In an age when much of a TV series’ success is driven by social media mentions, it’s worth asking who’s behind the most popular recaps, blogs, and tweets about it.
Hardcore Scandal fans had flocked to Scandal411.com and Twitter account @Scandal411 by the thousands to keep up with the political thriller, which stars Kerry Washington as a PR fixer with her own crisis management firm. It’s become one of the top-ranked series in social media interaction. According to The Wrap, it’s the “seventh most-tweeted show of 2013, with 3.5 million interactions” in the first six months of the year alone.
But there was always something odd about Scandal411. The blog and Twitter account often read like the work of a hobbyist reviewer, with personal details inserted into recaps and explosions of profanity when readers disagreed on some point or the Academy of Television Arts & Sciences failed to award Washington an Emmy for Best Actress. Despite this amateur gloss, Scandal411 remained a reliable source for breaking news on the show—to the point where its author seemed to be one step ahead of the network in its promotional content.
Now the fandom has the full story, and it’s a strange one: Multiple sources have confirmed that Scandal411, since deleted from WordPress and Twitter (after a brief stint under the handle @GrantForPrez, an allusion to a series regular), was the work of Courtney Pajor, a New York-based director of special sales for ABC. Her followers were understandably dismayed at the revelation that someone creating buzz for the show was employed by the company that produced it:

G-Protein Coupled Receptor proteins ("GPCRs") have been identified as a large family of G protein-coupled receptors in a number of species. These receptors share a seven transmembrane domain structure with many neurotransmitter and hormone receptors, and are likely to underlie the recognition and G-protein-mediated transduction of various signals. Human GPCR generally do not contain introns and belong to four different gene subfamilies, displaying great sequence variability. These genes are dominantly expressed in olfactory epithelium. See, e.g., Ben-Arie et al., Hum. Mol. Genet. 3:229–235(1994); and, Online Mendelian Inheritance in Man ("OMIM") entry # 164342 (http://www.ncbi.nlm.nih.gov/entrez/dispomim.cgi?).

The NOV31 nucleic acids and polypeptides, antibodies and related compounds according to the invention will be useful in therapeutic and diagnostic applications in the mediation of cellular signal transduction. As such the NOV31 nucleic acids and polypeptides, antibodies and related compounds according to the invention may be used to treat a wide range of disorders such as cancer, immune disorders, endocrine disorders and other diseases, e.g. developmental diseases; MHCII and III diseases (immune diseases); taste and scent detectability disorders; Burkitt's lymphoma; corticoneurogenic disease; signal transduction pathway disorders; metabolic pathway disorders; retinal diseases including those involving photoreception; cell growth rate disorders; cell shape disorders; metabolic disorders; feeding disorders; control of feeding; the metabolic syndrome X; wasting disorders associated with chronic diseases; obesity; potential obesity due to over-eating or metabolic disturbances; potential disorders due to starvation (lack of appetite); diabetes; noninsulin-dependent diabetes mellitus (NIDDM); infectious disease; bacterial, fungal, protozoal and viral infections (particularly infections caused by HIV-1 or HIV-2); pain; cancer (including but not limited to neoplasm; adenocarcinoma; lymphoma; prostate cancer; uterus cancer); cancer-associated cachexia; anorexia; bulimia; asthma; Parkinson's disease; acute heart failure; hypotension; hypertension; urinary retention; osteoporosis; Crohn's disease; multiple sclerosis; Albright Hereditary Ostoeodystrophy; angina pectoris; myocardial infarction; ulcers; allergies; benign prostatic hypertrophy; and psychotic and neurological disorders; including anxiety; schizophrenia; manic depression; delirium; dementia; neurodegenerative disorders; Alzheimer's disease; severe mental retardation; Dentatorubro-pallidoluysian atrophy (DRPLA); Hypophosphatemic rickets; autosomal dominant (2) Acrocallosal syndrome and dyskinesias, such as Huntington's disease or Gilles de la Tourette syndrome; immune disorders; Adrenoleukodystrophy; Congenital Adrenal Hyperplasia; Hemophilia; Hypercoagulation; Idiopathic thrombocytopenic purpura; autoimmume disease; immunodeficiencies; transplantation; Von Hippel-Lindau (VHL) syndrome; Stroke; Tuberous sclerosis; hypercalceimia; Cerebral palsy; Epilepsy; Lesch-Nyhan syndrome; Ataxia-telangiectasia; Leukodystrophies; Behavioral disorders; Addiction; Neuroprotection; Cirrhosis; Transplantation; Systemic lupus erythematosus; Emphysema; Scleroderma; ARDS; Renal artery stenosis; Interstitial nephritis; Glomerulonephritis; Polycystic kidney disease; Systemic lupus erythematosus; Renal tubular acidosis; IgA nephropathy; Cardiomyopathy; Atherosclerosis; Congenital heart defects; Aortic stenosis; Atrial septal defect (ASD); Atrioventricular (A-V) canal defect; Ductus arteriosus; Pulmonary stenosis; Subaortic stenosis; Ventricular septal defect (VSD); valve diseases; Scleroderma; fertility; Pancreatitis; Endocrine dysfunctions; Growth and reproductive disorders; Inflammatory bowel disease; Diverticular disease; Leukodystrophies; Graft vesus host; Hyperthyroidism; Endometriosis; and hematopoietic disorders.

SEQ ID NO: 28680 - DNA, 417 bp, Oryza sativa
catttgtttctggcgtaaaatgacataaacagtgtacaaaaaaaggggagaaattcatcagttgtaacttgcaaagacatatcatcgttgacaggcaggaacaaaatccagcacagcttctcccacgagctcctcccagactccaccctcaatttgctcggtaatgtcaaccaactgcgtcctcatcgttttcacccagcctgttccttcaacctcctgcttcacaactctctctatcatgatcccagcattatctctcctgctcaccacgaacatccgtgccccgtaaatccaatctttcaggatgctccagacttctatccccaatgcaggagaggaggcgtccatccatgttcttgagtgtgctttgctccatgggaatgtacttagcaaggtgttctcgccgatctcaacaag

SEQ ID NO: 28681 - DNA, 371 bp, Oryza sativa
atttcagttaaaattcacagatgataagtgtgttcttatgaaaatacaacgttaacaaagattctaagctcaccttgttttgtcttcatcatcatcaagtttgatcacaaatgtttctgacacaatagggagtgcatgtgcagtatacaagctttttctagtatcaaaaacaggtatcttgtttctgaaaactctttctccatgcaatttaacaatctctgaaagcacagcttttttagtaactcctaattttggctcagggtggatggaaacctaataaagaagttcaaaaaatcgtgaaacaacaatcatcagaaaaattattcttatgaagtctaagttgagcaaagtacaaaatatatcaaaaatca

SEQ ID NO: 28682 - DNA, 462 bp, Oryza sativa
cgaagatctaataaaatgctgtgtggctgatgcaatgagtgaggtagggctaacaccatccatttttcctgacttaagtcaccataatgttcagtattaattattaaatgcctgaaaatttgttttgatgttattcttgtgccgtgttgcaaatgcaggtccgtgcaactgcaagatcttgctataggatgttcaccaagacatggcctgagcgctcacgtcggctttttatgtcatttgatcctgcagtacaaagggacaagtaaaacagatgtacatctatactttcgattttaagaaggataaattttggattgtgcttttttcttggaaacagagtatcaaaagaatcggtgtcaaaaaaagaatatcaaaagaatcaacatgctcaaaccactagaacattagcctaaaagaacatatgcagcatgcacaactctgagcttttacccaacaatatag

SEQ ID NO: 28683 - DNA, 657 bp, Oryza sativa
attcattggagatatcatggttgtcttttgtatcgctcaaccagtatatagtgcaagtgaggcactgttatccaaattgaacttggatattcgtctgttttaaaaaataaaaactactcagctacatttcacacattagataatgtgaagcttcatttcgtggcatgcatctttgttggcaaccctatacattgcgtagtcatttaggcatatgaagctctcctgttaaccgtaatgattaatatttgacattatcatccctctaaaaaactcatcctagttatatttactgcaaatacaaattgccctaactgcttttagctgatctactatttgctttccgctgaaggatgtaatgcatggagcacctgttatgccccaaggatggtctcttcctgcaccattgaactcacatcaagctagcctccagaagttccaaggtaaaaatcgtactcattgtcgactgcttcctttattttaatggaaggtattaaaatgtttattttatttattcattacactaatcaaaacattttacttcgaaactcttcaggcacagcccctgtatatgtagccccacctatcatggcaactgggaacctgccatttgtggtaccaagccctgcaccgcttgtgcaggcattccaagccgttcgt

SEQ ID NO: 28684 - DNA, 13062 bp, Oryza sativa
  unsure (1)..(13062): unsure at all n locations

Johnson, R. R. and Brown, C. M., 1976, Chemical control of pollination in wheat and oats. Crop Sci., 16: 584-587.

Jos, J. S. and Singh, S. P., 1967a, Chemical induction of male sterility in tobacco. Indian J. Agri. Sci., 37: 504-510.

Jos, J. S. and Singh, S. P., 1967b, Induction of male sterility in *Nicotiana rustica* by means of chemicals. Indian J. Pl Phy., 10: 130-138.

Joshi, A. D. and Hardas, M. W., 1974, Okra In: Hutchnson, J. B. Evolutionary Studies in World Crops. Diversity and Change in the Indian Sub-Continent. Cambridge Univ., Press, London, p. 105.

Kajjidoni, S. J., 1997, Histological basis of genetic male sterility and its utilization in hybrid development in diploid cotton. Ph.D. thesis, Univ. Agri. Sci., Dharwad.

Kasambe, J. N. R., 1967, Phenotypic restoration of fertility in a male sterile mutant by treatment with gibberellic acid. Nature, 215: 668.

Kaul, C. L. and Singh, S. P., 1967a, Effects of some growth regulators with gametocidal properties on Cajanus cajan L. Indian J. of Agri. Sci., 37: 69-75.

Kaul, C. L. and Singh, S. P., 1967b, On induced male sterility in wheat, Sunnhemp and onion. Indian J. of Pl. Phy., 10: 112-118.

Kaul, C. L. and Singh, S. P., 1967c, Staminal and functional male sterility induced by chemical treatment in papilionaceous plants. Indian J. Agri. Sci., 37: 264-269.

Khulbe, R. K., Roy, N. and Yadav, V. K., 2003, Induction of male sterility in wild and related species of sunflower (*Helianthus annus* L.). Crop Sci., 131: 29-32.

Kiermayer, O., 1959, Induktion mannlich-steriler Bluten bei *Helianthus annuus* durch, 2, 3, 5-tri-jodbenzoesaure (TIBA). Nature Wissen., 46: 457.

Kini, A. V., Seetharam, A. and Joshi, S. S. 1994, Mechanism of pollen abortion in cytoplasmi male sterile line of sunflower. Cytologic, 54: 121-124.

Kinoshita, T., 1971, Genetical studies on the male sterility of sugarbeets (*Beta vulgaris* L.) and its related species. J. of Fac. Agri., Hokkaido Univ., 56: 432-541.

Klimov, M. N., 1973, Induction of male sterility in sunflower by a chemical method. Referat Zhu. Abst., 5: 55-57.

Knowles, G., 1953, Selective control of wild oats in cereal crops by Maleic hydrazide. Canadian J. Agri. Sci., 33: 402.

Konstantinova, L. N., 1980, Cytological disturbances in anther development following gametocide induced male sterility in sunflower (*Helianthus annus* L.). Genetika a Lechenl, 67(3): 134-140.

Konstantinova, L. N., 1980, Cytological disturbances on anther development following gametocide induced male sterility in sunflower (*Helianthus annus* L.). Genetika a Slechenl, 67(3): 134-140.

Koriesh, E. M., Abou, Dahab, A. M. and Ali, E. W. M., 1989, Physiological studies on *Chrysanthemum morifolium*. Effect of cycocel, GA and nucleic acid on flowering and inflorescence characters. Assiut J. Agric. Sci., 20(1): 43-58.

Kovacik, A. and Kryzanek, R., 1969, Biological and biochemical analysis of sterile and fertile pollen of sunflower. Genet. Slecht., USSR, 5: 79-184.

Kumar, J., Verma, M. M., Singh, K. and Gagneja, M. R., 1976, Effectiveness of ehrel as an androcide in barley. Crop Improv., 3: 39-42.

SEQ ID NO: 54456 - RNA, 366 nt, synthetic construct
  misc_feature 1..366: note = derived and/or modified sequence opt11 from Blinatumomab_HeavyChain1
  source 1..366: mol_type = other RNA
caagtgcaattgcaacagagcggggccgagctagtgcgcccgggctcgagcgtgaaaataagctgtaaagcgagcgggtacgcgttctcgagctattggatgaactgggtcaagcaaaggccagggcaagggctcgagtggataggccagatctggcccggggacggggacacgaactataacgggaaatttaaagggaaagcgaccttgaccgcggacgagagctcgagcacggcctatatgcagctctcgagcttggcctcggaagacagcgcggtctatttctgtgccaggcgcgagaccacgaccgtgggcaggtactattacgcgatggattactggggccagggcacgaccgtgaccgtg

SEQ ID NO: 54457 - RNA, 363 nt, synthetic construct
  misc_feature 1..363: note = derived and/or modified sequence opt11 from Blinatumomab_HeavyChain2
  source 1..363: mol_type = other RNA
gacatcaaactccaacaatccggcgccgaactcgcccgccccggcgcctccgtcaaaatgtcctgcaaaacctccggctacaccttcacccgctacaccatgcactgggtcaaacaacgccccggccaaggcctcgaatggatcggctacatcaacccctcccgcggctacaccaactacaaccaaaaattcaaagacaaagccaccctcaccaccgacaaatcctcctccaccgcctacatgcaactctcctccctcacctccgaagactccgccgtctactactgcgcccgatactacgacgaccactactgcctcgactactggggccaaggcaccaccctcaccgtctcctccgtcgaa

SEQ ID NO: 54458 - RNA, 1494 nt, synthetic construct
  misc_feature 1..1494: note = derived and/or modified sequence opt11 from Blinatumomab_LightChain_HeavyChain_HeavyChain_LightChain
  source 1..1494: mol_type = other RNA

— TAL Confidential (@TALConfidential) October 24, 2013
Just found out about #Scandal411 & don’t know how to feel but confused. Call me gullible.
— Mardriss (@ScandalN2Deep) October 24, 2013
About this Scandal 411 controversy, it’s simple as conflict of interest.
— Jillian Matherson (@Jillian002) October 24, 2013
ABC itself appeared unaware of the situation until the story broke, stating: “We take these allegations very seriously. We are investigating the situation and will handle accordingly.” By all indications, then, Pajor was a genuine fan, willing to get down in the trenches—not some fandom mole trying to gin up positive press. If she’d been upfront about her identity, there’s every reason to believe she’d still be a respected Scandal blogger today.
As things stand now, however, her work can’t help but look like cloak-and-dagger viral marketing. Oh well. There’s always Modern Family, right?